Category Archives: Unpaid or Underpaid Taxes

When is Paying Something Better than Paying Nothing?

I have previously outlined the range of options when someone is dealing with vigorous collection activity by either the IRS or NYS (see the August, 2013 entry).  At one end of the spectrum are those who have the financial ability to pay but they need more time to do so.  For those taxpayers, a payment plan is really the right solution to work through.  But what if full payment will never be feasible?  For these taxpayers, two very real possibilities are the submission of an Offer in Compromise or having the case marked as “currently not collectible,”  or “CNC.”  This brings us to the question: When is it better to resolve a tax debt through an Offer and when is it better to have a case marked “CNC?”

Simply stated, having your case marked CNC is always the least expensive and most expeditious way to fend off the collection process.  If the IRS (or NYS) is persuaded to reach this determination, no money must be paid for this result nor will any payments be expected to be made on the account.  That will continue to be the case unless something happens to change that determination.  This last clause is really the rub; CNC is not a complete resolution of the situation.  As a practical matter, a CNC determination may turn out to be the final resolution but that finality only comes if the CNC determination remains in place until the collection statute of limitations (generally 10 years for the IRS and 20 years for NYS) expires.

In comparison, if an Offer is accepted now there is closure to the collection process, but with one important proviso: once an offer has been accepted the taxpayer must remain fully compliant with the filing and payment requirements for at least 5 years after the Offer is accepted or else the compromised debt will be reinstated.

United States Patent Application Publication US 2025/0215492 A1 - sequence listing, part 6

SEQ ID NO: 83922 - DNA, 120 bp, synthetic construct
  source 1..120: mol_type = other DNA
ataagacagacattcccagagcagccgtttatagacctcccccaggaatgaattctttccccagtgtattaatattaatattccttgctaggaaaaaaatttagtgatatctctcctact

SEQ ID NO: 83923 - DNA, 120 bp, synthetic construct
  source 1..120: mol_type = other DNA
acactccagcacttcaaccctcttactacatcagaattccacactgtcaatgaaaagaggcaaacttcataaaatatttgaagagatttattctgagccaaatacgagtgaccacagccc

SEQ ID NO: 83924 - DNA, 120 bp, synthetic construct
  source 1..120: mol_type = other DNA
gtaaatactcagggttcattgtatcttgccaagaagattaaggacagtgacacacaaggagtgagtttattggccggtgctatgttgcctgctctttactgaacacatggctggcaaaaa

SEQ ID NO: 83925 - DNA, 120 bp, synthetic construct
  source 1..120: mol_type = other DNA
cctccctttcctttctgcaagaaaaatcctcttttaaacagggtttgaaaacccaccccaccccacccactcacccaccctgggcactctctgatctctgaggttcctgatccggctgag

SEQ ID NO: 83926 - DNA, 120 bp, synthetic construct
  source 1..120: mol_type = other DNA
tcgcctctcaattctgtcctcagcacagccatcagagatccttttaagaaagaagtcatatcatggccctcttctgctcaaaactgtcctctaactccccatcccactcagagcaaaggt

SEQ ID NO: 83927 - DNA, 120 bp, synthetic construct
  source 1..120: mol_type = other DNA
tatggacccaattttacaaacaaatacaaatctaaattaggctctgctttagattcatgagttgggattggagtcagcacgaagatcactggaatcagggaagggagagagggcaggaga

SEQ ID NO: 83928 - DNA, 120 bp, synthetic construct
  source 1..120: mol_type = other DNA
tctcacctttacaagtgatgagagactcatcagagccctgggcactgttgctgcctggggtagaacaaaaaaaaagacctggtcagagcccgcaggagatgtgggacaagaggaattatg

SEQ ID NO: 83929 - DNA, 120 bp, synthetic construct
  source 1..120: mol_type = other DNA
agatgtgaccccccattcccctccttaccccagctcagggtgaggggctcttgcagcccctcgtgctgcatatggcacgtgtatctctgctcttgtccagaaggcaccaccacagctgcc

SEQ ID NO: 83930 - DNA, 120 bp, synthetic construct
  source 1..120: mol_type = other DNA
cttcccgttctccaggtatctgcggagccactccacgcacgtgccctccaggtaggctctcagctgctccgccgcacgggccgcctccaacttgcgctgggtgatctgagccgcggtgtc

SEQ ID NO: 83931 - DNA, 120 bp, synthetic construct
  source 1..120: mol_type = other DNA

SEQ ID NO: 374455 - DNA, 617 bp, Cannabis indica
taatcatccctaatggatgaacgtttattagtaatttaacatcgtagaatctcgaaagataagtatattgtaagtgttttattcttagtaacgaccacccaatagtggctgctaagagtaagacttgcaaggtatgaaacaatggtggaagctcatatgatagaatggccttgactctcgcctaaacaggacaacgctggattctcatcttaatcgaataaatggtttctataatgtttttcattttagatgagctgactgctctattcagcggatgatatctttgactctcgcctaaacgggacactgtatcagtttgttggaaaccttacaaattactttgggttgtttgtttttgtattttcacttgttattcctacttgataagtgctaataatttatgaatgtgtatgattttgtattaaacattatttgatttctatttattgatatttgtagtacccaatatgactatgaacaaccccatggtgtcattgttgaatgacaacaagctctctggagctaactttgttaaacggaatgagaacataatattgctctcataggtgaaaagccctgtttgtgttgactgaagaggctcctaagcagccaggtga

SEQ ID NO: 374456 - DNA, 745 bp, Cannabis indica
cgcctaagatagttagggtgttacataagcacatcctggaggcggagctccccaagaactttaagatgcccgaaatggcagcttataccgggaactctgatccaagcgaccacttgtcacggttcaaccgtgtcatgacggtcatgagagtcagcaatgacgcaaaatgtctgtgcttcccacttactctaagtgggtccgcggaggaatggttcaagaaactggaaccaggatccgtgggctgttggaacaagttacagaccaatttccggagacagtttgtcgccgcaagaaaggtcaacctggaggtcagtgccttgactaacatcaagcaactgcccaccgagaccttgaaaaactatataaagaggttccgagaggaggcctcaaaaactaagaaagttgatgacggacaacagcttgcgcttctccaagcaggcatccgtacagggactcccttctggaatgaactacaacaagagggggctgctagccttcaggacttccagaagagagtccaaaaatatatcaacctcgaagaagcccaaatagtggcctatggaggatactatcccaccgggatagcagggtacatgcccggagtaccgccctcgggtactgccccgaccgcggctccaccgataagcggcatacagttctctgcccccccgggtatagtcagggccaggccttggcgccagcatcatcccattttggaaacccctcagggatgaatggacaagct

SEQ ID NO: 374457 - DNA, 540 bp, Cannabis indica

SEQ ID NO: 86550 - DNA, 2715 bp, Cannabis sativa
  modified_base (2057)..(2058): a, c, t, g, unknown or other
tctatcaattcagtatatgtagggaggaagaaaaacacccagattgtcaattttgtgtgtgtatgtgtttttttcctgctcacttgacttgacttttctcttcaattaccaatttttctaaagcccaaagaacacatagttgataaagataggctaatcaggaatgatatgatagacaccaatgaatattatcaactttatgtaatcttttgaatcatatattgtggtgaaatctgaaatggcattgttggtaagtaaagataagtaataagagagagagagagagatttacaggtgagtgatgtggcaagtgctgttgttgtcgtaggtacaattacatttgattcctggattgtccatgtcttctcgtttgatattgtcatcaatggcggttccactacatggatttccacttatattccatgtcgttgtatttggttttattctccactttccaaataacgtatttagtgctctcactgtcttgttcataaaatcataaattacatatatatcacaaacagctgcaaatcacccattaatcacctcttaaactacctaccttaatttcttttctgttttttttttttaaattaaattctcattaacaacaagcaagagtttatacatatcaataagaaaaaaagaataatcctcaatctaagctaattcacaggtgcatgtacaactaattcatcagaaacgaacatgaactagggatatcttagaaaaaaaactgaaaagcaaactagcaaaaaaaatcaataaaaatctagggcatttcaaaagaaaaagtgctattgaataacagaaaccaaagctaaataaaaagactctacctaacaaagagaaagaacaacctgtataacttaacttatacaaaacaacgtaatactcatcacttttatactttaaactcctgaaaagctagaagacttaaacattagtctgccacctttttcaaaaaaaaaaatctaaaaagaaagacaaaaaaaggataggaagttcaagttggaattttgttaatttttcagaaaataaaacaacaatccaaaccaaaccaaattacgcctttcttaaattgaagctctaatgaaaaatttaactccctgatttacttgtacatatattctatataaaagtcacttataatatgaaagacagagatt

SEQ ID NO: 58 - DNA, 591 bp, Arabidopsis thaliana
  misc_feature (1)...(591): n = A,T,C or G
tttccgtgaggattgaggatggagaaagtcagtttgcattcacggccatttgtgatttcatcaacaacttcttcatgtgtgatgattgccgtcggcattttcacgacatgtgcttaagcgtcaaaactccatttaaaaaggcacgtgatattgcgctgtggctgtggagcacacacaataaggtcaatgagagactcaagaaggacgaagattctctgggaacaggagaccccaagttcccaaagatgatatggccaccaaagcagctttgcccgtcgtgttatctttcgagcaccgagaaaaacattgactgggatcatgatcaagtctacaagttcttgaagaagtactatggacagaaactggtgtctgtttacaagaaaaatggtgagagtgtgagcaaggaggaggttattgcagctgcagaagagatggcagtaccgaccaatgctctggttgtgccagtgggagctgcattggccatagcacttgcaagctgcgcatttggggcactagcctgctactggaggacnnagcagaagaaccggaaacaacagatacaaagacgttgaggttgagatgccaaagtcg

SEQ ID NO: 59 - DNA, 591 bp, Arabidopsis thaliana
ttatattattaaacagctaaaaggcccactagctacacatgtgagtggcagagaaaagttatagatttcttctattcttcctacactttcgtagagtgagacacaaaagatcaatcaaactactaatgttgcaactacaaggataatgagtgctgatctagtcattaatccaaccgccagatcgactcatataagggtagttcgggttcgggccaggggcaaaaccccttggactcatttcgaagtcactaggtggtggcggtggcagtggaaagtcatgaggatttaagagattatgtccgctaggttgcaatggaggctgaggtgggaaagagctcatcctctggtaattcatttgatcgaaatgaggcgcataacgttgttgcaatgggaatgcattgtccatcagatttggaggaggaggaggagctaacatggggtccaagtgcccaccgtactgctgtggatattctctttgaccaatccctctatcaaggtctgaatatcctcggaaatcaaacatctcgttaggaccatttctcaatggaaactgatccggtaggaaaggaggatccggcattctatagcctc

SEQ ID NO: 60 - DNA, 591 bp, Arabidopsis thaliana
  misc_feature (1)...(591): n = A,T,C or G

So which is better, settlement through an Offer or having the matter marked as non-collectible?  Five primary considerations factor into the question:

  1. The cost of getting CNC versus an accepted Offer. (Without question, the Offer process will be more expensive.)
  2. The time remaining on the collection statute of limitations. (If that time is short, then the CNC result is more attractive.)
  3. The likelihood of financial circumstances changing before the collection statute of limitation expires. (If positive changes are anticipated, the Offer will be more attractive.)
  4. The impact of having a Notice of Federal Tax Lien on record. (The tax lien filing will go away when an offer is accepted and remain if CNC is the result.)
  5. The need for closure/peace of mind. (While both bring peace of mind, usually the Offer is the more lasting solution.)

Both the Offer and the CNC determination are good outcomes.  Which is better can be debated.  Our knowledgeable tax professionals at Bousquet Holstein can help you evaluate the foregoing factors, and perhaps others, when making this important decision.

Governor Cuomo Announces Initial Results of Tax Scofflaw Driver License Suspension Initiative

Governor Andrew M. Cuomo today announced that 8,900 New Yorkers had their driver licenses suspended for failing to pay taxes they owe the State. The crackdown is the result of legislation signed into law last year aimed at encouraging individuals who owe more than $10,000 in back taxes to settle their bills with the Tax Department.

To read the Governor’s release and for more information, click here.

Some Fundamental Considerations When Facing a Tax Problem

When a tax problem arises it is not uncommon to become overwhelmed and sometimes even paralyzed by the situation. No doubt much of the anxiety is due to the uncertainty of whether the problem can be solved and how to go about doing so. More and more self-professed tax experts advertise promising results with such individuals in mind. Many of these so-called experts, however, take a very narrow “one size fits all approach” when dealing with a tax problem. That is unfortunate; oftentimes there are many options that should be evaluated before a decision is made as to how best to proceed. My next few blogs will consider how, in my opinion, a tax professional should evaluate a tax problem. The discussion begins with an overview of how to approach a tax problem and then delves into some of the details regarding the different phases of a tax problem.